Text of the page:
Slime Time lasts 5:15 and takes you behind the creation of the ectoplasm.
Disc 2 has the rest of the extras.
There are 30 Extended & Alternate Scenes running to a total of 85:28.
Meet the Team is an 8:04 collection of interviews with the cast.
The Ghosts of Ghostbusters lasts 13:57, and Visual Effects: 30 Years Later lasts 15:16, both looking at the spooky effects in the movie.
Chris Hemsworth is “Kevin” lasts 7:42.
There is more humour is Jokes Aplenty, which on this disc runs to 11:38.
Finally there is a Photo Gallery with an optional slideshow mode.
The Ghostbusters reboot is fun. Don’t get me wrong, the trailer’s big mistake was to try and sell this as a soft sequel to the original films, which it patently isn’t, but Ghostbusters: Answer the Call isn’t deserving of all the vitriol that’s heaped upon it. Certainly the cast works well enough to sell the story, and there is no problem with an all female cast. The perception was that they had gender switched the characters, but these characters are written wholly differently from the original. Certainly there is no dry sardonic Venkman analogue, while Holtzmann is more of a cross between Stantz and Spengler with her scientific nous combined with a childlike enthusiasm. Abby and Erin are more alike than unalike, childhood friends that share a passion, and their estrangement and reunion drives the emotional heart of the film, or it would were a major scene not cut out. It leaves a bloody obvious continuity flub in the third act when Erin rejoins the Ghostbusters despite never actually leaving (explained in the deleted scenes).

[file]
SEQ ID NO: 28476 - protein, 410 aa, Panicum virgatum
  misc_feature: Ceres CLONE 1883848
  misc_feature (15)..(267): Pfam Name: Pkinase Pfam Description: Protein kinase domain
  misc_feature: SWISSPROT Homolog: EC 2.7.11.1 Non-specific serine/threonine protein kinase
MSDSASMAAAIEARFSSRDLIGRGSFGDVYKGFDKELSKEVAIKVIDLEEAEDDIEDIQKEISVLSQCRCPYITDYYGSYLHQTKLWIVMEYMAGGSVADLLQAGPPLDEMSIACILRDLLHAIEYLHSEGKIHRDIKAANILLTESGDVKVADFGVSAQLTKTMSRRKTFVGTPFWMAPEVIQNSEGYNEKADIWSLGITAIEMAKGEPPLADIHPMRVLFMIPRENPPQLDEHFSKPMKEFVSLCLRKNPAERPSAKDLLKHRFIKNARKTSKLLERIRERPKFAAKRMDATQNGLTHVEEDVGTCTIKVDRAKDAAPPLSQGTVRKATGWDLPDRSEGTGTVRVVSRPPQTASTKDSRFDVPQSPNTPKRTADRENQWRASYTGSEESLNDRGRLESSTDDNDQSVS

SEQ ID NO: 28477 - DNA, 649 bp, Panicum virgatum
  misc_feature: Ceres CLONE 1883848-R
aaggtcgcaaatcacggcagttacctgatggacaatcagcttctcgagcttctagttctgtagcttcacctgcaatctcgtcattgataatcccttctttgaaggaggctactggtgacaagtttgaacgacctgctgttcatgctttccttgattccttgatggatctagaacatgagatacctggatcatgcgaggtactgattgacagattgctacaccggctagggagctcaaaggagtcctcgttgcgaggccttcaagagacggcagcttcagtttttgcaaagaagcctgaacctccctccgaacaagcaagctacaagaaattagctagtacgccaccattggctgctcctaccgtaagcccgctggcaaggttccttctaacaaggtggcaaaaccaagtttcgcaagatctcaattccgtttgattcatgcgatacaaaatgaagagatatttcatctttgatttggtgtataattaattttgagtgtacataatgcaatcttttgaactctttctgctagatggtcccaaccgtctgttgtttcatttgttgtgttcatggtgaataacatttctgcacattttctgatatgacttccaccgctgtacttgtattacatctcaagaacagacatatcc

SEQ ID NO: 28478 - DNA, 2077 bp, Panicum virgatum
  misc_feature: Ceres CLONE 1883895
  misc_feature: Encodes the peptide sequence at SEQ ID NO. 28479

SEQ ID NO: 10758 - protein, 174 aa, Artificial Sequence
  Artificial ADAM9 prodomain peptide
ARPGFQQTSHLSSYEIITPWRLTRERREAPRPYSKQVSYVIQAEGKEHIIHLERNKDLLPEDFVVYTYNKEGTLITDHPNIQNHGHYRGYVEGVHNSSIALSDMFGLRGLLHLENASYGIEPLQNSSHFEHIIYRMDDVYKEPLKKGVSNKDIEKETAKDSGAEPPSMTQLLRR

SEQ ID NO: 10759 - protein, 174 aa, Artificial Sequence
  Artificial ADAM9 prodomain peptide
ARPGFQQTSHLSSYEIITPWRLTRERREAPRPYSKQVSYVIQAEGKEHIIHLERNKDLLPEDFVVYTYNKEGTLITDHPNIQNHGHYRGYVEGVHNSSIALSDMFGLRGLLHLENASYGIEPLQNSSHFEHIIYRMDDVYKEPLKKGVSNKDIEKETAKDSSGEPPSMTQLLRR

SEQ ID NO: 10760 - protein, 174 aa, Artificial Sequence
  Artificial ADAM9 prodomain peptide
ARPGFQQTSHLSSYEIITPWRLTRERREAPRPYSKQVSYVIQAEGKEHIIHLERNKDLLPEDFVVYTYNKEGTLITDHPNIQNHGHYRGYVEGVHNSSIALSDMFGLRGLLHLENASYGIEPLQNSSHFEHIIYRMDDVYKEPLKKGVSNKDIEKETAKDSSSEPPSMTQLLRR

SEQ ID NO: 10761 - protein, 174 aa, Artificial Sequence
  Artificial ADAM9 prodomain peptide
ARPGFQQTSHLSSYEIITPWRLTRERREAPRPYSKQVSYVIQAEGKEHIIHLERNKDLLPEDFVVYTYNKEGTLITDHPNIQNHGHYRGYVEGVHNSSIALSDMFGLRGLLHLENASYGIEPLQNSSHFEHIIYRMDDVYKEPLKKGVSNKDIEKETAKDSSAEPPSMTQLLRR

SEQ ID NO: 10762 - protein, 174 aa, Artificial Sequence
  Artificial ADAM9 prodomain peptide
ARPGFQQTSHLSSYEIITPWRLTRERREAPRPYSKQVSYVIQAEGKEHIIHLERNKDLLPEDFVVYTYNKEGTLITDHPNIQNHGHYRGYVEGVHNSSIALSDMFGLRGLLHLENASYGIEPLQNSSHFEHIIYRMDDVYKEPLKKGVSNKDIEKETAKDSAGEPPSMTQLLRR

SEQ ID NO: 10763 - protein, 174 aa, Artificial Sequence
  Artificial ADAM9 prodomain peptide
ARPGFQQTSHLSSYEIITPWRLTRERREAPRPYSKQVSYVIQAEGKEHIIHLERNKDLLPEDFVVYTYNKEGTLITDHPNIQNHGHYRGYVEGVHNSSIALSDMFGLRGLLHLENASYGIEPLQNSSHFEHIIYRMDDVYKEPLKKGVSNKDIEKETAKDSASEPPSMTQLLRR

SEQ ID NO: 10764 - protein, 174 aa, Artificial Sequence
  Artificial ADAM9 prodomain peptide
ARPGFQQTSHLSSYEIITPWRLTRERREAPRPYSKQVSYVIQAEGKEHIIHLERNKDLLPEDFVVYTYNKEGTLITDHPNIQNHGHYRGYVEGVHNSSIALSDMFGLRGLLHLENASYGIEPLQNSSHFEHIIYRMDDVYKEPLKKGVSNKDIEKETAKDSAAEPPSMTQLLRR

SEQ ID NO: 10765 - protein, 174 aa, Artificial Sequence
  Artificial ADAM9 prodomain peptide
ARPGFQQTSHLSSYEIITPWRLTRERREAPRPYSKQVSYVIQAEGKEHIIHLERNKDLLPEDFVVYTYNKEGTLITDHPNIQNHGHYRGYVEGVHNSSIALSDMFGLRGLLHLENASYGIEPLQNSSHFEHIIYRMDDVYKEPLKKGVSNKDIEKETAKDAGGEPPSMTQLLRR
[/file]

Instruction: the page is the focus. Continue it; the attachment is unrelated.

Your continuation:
If this Ghostbusters is one thing that the originals weren’t, it’s an action movie. There is some inventive, colourful, energetic and choreographed busting action that is more the domain of the action hero than the comedienne. It’s one place where the Holtzmann character shines, despite feeling uneven and too kooky elsewhere in the film. It also offers something of a terrorism allegory, with the film’s somewhat understated antagonist leaving ghost ‘bombs’ around the city to further his apocalyptic ends.